New water treatment plant will begin testing in March
Public Works Director Steve Goslee said at Monday's Water and Sewer portion of the Town Council meeting that the new water treatment plant on North Main Road will start testing some time in March and if all goes well, the facility will be in full use shortly thereafter.
Goslee also said that the painters have begun painting the interior of the structure and that the electricians have completed the transfer of the old building power and control to the new plant.
Additionally, he said that the standby generator has been load tested and is online, and that the plumbing contractor has completed installation of the heating system.
Traffic committee The council discussed the possibility of discharging or revamping the traffic committee. Traffic committee member Robert Bowen said that the committee met "maybe five or six times last year." He also said that the meetings were not regularly scheduled and that the committee met when it was needed.
The council questioned the qualifi cations of some of the committee members to make decisions on matters that required the knowledge of town personnel who work on and with traffic control problems every day. After a lengthy debate, the council voted 3 to 0 to reconstitute the traffic commission to be made up of the town administrator, town planner, public works director, and the police chief.
Appointments The council approved the reappointments of Patrick Driscoll and Carol Lynn Trocki to the Conservation Commission. Jennifer Stearns Talancy's resignation was also accepted. Letters of interest to fill the vacated positions by Maureen Coleman and Paula Samos were also approved by a vote of 3 to 0.
Fort Getty boat ramp
The Jamestown Harbor Commission requested that the council approve the expenditure of $20,000 to dredge the Fort Getty boat ramp and pay dredging permits. The panel approved the expenditure with a vote of 3 to 0. The revenue was earmarked and available from harbor commission funds.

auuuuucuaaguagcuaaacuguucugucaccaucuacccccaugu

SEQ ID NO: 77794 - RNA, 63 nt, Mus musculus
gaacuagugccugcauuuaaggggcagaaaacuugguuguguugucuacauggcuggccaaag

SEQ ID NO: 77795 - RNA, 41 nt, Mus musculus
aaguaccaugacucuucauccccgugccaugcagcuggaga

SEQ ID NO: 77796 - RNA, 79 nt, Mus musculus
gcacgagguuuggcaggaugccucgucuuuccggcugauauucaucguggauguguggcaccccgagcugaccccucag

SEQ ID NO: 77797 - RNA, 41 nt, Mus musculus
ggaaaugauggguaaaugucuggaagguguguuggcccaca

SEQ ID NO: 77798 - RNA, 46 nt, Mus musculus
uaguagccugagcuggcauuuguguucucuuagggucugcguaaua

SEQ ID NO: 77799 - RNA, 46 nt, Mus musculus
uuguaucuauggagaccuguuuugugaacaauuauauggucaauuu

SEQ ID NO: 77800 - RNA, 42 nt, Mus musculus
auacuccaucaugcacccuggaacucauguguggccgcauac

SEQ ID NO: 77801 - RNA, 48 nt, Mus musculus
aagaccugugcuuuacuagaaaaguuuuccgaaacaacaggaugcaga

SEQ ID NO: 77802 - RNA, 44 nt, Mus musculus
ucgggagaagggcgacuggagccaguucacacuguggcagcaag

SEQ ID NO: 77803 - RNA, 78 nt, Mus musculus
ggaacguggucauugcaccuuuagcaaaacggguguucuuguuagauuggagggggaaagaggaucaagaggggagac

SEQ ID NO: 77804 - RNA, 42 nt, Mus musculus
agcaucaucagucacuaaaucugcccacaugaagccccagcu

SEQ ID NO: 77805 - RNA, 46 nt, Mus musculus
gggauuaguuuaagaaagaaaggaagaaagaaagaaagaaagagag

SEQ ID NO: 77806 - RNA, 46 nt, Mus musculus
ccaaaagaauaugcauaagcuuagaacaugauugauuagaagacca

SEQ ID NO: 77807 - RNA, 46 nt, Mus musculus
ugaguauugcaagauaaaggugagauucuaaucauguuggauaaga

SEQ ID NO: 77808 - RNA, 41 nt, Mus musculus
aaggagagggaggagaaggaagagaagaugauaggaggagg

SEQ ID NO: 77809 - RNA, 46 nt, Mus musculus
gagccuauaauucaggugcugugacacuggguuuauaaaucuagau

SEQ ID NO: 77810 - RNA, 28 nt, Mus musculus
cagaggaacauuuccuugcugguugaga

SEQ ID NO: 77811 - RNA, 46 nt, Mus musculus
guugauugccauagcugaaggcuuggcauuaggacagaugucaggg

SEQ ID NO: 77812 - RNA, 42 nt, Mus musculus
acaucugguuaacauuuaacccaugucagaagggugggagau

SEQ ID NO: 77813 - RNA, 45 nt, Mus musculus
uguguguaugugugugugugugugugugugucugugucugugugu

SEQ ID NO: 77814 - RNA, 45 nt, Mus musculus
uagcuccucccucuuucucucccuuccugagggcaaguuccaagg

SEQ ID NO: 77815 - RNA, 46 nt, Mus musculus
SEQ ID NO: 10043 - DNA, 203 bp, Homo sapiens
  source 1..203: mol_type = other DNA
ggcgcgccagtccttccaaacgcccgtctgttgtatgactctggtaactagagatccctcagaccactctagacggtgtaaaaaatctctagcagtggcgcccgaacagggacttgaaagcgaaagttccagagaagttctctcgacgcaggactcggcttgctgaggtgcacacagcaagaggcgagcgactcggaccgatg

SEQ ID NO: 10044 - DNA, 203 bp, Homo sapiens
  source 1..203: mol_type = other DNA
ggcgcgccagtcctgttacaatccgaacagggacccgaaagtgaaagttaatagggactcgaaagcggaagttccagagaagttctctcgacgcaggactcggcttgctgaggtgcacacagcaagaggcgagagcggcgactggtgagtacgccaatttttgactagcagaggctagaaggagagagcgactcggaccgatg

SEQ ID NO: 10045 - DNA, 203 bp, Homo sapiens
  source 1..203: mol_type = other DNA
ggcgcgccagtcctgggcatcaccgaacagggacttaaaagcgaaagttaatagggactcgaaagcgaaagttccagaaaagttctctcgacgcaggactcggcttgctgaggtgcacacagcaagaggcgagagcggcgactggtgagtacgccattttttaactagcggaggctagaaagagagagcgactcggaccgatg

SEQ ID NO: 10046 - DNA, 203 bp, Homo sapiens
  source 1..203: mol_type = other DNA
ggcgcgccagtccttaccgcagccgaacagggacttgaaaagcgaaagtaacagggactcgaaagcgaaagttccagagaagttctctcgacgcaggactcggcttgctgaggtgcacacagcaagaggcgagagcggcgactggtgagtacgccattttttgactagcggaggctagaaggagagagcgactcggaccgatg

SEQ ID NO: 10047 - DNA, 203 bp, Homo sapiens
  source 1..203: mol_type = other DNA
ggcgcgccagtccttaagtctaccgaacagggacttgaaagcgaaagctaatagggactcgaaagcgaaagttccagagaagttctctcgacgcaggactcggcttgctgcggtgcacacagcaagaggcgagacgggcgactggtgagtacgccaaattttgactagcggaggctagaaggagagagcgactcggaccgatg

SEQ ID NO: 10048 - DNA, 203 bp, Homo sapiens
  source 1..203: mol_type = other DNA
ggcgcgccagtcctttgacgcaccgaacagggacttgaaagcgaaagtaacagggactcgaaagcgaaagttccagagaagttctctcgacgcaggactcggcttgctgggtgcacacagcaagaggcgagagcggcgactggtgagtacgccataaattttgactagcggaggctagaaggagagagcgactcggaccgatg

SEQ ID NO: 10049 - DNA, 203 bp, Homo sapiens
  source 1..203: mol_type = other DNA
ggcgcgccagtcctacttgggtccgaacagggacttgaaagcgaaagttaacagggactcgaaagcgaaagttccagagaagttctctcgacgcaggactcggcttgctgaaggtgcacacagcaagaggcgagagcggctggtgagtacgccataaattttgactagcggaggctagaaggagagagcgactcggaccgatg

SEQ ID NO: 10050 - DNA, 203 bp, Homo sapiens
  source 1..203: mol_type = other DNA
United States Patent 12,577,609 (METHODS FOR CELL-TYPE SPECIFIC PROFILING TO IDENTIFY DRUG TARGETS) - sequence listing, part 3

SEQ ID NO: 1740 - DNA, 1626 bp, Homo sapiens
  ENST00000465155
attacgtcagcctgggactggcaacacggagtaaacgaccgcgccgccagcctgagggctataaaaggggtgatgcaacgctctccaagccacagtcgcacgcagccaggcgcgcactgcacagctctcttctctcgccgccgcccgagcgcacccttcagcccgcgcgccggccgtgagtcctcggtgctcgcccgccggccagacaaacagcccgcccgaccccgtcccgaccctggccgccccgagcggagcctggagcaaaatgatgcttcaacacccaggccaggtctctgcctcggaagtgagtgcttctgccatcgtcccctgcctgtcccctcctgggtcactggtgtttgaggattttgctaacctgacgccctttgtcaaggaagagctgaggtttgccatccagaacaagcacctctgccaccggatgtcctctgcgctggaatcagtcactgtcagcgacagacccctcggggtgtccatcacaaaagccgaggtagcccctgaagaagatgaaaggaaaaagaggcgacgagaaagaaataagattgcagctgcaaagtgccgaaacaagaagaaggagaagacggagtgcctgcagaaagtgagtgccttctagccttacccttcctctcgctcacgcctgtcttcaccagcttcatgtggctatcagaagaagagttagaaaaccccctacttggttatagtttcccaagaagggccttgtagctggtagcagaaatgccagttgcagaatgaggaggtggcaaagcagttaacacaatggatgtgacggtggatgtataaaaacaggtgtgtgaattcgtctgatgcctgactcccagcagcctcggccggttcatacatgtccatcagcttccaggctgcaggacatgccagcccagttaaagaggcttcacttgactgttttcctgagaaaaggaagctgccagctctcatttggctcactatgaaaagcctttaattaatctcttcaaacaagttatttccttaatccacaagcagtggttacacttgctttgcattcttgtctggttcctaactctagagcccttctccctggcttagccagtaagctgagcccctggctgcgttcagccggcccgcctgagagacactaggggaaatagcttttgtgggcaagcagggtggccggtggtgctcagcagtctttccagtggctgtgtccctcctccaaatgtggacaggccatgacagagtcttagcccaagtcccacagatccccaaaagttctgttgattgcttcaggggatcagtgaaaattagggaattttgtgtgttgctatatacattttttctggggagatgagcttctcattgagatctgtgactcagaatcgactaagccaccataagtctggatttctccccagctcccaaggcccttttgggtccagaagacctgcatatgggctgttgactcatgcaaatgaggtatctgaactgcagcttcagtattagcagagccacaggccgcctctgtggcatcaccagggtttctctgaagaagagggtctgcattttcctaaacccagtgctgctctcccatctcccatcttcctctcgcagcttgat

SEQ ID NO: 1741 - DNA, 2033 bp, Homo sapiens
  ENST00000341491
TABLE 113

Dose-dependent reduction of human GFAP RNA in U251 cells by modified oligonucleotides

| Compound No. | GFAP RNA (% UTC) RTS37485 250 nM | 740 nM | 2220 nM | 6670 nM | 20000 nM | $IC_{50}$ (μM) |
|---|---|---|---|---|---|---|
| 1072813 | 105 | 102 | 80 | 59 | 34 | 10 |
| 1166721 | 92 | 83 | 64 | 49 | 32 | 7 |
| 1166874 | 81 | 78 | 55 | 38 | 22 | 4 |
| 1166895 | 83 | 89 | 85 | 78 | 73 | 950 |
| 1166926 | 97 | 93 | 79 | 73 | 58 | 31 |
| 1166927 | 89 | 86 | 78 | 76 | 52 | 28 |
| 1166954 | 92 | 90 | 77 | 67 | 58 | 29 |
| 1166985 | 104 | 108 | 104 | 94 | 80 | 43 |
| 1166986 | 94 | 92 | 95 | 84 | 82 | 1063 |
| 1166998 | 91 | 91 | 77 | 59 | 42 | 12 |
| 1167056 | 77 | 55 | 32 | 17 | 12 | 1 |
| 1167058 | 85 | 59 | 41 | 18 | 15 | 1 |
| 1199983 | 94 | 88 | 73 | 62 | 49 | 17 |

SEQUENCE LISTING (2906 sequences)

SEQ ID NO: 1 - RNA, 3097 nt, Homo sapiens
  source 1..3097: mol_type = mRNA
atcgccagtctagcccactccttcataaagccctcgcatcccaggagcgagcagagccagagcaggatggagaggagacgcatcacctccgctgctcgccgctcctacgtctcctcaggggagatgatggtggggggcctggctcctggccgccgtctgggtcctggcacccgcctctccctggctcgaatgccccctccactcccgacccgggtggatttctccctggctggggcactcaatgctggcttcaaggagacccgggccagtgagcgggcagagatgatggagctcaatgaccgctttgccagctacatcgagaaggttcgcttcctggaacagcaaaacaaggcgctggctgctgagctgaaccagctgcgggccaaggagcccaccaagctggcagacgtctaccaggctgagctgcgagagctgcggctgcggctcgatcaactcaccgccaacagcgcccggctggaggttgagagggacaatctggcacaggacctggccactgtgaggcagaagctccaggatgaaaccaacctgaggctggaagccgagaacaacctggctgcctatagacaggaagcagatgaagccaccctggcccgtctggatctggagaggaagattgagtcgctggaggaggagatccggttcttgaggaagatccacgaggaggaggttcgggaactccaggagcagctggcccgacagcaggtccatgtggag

According to State Representative Deb Ruggiero (D-Jamestown, Middletown), Rhode Island will get $825 million to $1 billion dollars from the Federal Stimulus Package. Who will manage the money and how soon cities and towns will receive their funds is not yet known. When and how the local aid will be distributed is also an unknown factor.
Ruggiero said that she fully intends "to make a full court press for the $16 million dollars that Jamestown has requested for highway and waster water treatment."
She also said that she submitted legislation on behalf of the Town Council regarding the resolutions for the juvenile hearing board as well as the fire and EMS property tax abatement. "They should be heard in committee in the next week or so and are expected to pass out of committee," she said.
The new representative said she ran on a platform of environmental economics that put wind, solar, and biofuel at the forefront of economic development and to generate green collar jobs throughout the state. Ruggiero was named to serve on a joint commission of six state representatives and six state senators to look at economic development at the ports in Quonset as well as port of Providence.
The town council voted 3 to 0 to approve drafting a structured agreement with the Jamestown Emergency Management Service to share the responsibility of a lease/ purchase plan for a new ambulance. The decision was made after the council at its Feb. 17 meeting discussed various ways to purchase the vehicle with minimum risk to the town.